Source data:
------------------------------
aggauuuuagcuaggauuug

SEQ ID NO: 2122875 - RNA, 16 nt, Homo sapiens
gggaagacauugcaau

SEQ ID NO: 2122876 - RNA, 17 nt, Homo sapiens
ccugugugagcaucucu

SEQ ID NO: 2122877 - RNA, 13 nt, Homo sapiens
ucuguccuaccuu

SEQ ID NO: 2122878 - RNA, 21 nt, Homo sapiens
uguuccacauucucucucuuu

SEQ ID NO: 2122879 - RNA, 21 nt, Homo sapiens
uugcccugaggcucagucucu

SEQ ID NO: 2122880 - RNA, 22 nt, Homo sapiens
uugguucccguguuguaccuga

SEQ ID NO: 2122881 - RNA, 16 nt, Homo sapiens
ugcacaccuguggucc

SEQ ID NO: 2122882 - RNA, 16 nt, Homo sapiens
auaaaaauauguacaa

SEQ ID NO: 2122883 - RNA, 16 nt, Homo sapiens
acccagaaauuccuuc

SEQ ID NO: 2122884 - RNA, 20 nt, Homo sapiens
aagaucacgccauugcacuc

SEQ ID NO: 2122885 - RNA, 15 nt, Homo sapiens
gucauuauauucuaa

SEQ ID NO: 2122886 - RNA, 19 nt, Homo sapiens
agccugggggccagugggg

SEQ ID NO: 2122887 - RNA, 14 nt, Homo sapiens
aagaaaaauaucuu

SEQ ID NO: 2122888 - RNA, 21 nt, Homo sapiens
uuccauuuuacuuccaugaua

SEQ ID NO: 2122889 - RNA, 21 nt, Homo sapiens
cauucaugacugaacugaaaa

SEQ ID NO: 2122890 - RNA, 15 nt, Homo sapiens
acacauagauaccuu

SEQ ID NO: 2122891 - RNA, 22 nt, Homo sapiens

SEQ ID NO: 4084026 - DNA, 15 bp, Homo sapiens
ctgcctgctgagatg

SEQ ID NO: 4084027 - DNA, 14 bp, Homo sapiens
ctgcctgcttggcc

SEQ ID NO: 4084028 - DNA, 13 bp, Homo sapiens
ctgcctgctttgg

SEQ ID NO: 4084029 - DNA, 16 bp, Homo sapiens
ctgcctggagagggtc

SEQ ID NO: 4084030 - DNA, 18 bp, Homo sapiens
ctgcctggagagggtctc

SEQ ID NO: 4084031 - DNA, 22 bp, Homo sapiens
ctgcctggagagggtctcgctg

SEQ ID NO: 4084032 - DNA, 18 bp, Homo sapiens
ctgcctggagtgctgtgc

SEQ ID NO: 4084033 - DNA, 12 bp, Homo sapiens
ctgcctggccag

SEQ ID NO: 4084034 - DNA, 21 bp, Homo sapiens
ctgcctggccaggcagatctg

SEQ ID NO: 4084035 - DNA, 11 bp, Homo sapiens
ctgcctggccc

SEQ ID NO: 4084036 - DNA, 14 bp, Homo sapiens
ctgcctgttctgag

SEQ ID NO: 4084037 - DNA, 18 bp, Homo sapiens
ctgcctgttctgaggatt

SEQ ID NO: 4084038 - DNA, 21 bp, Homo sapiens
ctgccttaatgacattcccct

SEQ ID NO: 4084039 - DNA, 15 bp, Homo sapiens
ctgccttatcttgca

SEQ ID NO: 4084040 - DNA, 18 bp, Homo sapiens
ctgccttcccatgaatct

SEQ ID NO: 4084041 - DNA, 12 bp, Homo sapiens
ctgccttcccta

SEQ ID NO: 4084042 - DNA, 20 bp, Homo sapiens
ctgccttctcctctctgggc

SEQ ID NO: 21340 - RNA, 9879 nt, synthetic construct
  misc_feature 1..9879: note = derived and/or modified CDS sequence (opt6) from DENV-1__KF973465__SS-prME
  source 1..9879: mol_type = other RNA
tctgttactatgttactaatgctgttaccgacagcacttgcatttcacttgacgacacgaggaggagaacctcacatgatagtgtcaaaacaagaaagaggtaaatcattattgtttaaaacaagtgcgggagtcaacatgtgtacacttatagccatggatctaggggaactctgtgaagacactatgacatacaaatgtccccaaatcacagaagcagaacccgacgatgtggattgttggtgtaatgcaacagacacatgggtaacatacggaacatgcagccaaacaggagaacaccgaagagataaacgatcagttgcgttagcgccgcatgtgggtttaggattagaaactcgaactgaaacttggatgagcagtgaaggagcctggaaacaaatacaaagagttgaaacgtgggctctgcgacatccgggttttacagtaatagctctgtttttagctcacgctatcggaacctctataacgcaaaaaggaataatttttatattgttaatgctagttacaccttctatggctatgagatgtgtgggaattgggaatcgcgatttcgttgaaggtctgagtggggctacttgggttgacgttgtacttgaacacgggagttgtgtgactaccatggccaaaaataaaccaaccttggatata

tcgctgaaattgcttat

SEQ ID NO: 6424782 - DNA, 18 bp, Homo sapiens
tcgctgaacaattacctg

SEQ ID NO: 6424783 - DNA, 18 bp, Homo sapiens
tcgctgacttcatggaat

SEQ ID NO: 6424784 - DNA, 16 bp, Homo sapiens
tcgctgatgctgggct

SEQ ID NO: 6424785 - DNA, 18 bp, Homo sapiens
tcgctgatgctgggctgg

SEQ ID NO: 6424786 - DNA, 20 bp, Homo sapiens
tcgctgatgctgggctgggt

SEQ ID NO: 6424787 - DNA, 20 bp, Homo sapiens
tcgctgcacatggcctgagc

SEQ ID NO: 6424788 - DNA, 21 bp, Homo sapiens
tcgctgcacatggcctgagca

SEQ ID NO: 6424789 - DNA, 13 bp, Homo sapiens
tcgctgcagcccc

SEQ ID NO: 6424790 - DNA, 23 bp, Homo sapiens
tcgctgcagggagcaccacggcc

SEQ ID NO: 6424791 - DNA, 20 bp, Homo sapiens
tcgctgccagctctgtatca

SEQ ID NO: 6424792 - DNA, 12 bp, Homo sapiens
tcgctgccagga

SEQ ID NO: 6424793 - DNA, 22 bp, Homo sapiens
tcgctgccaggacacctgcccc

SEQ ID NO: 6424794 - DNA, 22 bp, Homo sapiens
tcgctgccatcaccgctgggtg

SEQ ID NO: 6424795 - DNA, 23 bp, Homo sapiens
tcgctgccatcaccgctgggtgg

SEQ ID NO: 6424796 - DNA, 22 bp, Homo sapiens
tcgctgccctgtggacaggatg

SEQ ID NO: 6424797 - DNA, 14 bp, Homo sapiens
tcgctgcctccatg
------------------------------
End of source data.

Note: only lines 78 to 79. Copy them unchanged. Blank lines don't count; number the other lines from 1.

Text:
SEQ ID NO: 6424784 - DNA, 16 bp, Homo sapiens
tcgctgatgctgggct